A Gentle Man Who Changed The World

If you Google his name, you won’t find much. His generation didn’t leave a very significant digital footprint. But his fingerprints are all over my life, and the lives of scores of people like me. And as I fly to Chicago for his funeral, I want to tell you about him.

marrs_20150406 (1)John Marrs was my boss. More than that, he was my mentor. Most importantly, he was my friend. You don’t often find people who can wear all of those hats at once, but with John it seemed natural.

I became a missionary because of John. After serving in Brazil for 13 years, he took a position on the staff of Baptist General Conference World Missions. He was the one who picked up the phone when I impulsively called the office in 1985 to talk about a need in Cameroon. He met with me and Murf a few weeks later, and gently walked us through the mind-boggling application process. Months later, he reassuringly talked me off the ledge when I wondered whether I was cut out for that life.

I remained a missionary because of John. His was the voice that gave us hope for the future when we came close to burnout during our first term in Cameroon. It meant so much to know that he had our backs.

I thrived as a missionary because of John. He was quick to encourage, eager to laugh, and always ready to celebrate what God was doing in our lives. Our girls looked forward to his visits, knowing there would always be fun involved. His wife Joyce was known for years among the Gastons as the Spider Lady, because of a song that she taught our daughters about a woman who swallowed a spider. That song became the incessant sound track of many a road trip across France. I’ve almost forgiven her for that. John took delight in it, even when we spread plastic spiders around his office.

A car accident took him from us last week. I’m not sure why, but we don’t expect 83-year-old men to die like that. It was much more sudden than anyone would have expected.

Our lives are poorer as a result of that accident. But heaven is richer.

I’m far from alone in my love and appreciation for John. Tributes are pouring in from former colleagues and friends from around the world who were touched by him in the same way we were. His impact was felt in Japan, the Philippines, Argentina, the Ivory Coast, and in other places too numerous to mention. I will have the privilege of reading some of those tributes at his memorial service tomorrow.

His gentle love and persevering faithfulness changed the world. It’s no accident that the same phrase could be said of Christ. John loved Him, served Him, and represented Him well.  And on Easter weekend, appropriately, he heard Him say “Well done, good and faithful servant.”

With all of heaven to enjoy, including time with his wife and his Savior, he has better things to do than to hear from me. But if I could communicate with him today, I would say the same thing I said each time I took him to the airport in France at the close of yet another encouraging visit.

Au revoir, John. It was great to get some time with you. I’ll look forward to seeing you again.

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About Sabbath Thoughts

My name is Mike Gaston. I am a former missionary, a Shepherding Pastor at Heights Church in Prescott, AZ, a happy husband, a spoiled father of two daughters, a proud grandfather, and a recently-convinced pursuer of the benefits of intentional, regular, contemplative, Christ-centered rest. This blog will allow me to share thoughts about Sabbath, as well as thoughts about God and the Christian life that come out of my restful Sabbath moments.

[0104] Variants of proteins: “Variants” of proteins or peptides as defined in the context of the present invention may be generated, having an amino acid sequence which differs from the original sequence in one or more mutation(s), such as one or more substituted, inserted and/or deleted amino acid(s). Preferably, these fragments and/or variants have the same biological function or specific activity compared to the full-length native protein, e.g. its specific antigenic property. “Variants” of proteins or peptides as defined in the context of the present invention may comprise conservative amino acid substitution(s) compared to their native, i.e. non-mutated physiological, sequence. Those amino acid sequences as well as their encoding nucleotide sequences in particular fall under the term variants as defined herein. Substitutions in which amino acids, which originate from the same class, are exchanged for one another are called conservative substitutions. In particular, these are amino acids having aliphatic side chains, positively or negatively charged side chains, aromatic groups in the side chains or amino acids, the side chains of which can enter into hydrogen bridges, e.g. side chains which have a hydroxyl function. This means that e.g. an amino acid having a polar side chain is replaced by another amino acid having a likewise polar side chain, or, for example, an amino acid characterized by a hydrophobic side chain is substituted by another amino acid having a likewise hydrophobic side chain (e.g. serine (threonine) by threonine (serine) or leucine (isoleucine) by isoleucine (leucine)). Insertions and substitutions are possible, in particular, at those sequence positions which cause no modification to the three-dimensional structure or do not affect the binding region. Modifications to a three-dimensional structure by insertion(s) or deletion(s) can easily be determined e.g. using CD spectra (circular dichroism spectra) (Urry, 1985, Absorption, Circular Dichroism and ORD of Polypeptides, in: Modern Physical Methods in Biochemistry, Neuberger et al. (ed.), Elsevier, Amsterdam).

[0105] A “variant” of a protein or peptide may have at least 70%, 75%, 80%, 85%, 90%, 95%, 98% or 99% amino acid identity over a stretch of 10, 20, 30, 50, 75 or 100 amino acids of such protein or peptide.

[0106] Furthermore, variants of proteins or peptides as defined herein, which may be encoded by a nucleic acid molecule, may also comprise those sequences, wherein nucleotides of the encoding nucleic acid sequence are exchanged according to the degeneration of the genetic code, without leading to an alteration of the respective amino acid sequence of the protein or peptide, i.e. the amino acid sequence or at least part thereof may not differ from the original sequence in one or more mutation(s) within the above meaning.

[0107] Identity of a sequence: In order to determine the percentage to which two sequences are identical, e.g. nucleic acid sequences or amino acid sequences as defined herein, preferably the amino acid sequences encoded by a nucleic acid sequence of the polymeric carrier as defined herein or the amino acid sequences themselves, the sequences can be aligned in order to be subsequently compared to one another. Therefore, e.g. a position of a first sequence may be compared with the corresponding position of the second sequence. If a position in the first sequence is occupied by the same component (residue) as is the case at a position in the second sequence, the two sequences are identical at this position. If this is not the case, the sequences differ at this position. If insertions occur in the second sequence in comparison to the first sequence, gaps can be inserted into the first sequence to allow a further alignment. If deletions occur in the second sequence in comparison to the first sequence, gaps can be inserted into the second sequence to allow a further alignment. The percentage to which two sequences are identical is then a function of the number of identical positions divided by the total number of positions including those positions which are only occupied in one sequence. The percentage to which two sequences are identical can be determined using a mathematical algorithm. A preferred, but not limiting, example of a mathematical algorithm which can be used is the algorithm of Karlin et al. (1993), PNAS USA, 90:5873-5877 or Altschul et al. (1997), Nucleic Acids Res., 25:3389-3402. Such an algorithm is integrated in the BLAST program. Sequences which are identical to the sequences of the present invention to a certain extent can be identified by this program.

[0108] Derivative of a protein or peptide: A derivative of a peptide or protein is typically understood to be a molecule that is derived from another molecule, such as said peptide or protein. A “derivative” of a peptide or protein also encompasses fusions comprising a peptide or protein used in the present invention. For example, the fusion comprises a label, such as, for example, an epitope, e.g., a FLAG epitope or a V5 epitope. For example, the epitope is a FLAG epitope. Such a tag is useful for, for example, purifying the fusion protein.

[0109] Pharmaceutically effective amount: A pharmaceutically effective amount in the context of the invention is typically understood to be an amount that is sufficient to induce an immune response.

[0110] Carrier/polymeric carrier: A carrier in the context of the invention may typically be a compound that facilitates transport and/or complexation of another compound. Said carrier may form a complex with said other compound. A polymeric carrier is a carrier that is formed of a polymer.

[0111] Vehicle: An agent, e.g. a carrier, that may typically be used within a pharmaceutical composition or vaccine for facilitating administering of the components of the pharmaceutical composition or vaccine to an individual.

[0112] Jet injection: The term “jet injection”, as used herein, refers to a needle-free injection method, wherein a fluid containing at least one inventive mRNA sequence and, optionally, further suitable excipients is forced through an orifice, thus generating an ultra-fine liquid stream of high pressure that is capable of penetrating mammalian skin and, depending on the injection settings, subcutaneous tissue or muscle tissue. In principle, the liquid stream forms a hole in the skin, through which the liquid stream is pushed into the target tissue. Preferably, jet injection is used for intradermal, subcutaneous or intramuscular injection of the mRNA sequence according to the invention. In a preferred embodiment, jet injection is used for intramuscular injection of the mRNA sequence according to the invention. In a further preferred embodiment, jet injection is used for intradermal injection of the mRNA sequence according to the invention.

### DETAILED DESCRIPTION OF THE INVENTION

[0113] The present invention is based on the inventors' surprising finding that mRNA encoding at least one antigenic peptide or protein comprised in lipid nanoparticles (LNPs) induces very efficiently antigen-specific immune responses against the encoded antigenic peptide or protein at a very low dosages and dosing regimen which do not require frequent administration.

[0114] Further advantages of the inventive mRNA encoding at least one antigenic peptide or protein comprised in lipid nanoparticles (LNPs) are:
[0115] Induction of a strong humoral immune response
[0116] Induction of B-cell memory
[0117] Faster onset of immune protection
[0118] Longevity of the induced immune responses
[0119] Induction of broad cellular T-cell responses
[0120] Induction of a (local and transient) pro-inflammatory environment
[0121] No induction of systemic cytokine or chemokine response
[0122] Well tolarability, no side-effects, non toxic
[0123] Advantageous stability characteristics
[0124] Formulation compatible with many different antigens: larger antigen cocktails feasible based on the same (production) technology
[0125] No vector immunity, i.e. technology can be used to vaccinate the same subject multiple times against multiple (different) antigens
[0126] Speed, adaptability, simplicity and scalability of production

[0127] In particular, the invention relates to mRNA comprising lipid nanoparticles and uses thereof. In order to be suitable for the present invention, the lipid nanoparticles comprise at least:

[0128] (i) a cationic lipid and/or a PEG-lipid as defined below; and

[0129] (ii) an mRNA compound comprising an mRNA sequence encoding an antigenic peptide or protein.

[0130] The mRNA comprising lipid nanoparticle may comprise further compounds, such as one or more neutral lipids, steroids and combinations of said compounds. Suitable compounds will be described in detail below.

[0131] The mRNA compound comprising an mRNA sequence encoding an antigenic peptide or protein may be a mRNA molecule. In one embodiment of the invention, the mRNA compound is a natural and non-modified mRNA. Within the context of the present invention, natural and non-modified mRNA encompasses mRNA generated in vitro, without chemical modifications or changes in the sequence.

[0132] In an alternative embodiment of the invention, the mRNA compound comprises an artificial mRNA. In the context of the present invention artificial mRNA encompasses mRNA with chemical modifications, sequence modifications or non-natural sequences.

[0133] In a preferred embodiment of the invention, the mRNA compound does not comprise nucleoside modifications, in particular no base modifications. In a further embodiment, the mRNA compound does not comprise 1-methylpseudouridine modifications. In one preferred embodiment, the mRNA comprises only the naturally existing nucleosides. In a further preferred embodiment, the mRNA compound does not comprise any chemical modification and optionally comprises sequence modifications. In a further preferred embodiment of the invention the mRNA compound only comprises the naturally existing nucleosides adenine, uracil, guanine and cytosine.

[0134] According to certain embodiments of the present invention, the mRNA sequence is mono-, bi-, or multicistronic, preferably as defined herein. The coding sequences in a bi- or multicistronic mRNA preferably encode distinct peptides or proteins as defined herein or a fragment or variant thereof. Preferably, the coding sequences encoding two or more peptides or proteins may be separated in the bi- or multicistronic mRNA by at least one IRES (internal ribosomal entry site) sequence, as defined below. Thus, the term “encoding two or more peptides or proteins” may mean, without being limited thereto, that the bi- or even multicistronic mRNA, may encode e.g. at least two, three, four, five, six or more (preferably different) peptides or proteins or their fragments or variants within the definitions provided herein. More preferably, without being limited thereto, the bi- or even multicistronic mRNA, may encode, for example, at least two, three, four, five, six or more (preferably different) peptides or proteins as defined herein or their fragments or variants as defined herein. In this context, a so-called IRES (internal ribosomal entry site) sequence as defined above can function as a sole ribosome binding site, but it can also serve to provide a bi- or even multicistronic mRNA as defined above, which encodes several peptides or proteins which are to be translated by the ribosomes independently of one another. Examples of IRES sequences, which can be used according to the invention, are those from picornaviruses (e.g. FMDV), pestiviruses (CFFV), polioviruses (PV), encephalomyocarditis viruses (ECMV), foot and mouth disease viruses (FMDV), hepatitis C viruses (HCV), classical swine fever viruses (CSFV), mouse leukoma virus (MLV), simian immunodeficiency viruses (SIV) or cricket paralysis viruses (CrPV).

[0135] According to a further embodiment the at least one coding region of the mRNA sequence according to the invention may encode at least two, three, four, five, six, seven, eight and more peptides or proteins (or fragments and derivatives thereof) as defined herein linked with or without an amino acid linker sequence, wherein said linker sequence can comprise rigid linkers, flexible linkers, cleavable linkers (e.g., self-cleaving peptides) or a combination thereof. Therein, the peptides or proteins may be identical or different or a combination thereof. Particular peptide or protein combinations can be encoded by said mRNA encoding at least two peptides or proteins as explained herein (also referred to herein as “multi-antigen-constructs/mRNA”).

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16 Responses to A Gentle Man Who Changed The World

  1. Lori Noel says:

    Pastor Mike,
    What a wonderful tribute to your mentor and friend. So sorry to hear of your loss…thankful you will eventually see him again.
    Love in Him,
    Lori Noel

  2. billm17 says:

    I think that somehow God will help him here your “Sabbath Thoughts.” You might want to make sure you have a clean hankie in your pocket. It’s hay fever time.

  3. Denise says:

    His life goes on in you. You have become that same mentor to many of us. Sorry for the unexpected repositioning of your loved one.

  4. carolyn says:

    I agree with Denise you have become that same mentor to many of us!! Thank you for your thoughts.

  5. Faith says:

    As if heaven alone wasn’t enough…and then God allows us reunions with those we love most. What a wonderful testimony about your friend…the encouragement he gave to you is what you have given to so many and will continue to give as you move on…comforting for you to know that the “Encourager” and his “Spider Lady” are rejoicing together this morning. So sorry for your loss.

  6. Holly Rogers says:

    What a legacy! When we all get to Heaven, what a day of rejoicing that will be! Sorry for your loss, but, as you say, Heaven is indeed richer.

  7. Mary Royer says:

    What an excellent tribute to a wonderful servant of the Lord. So sad to hear of the car accident!

    Love to you all,

    Ken for Mary too

    Sent from my iPad

    >

  8. Lindakilker@aol.com says:

    What a dear sweet tribute to a man you obviously loved. So sorry for your loss. It occurs to me you have been that kind of influence in my life. Thanks, Mike. Happy Sabbath trails to you. Steve

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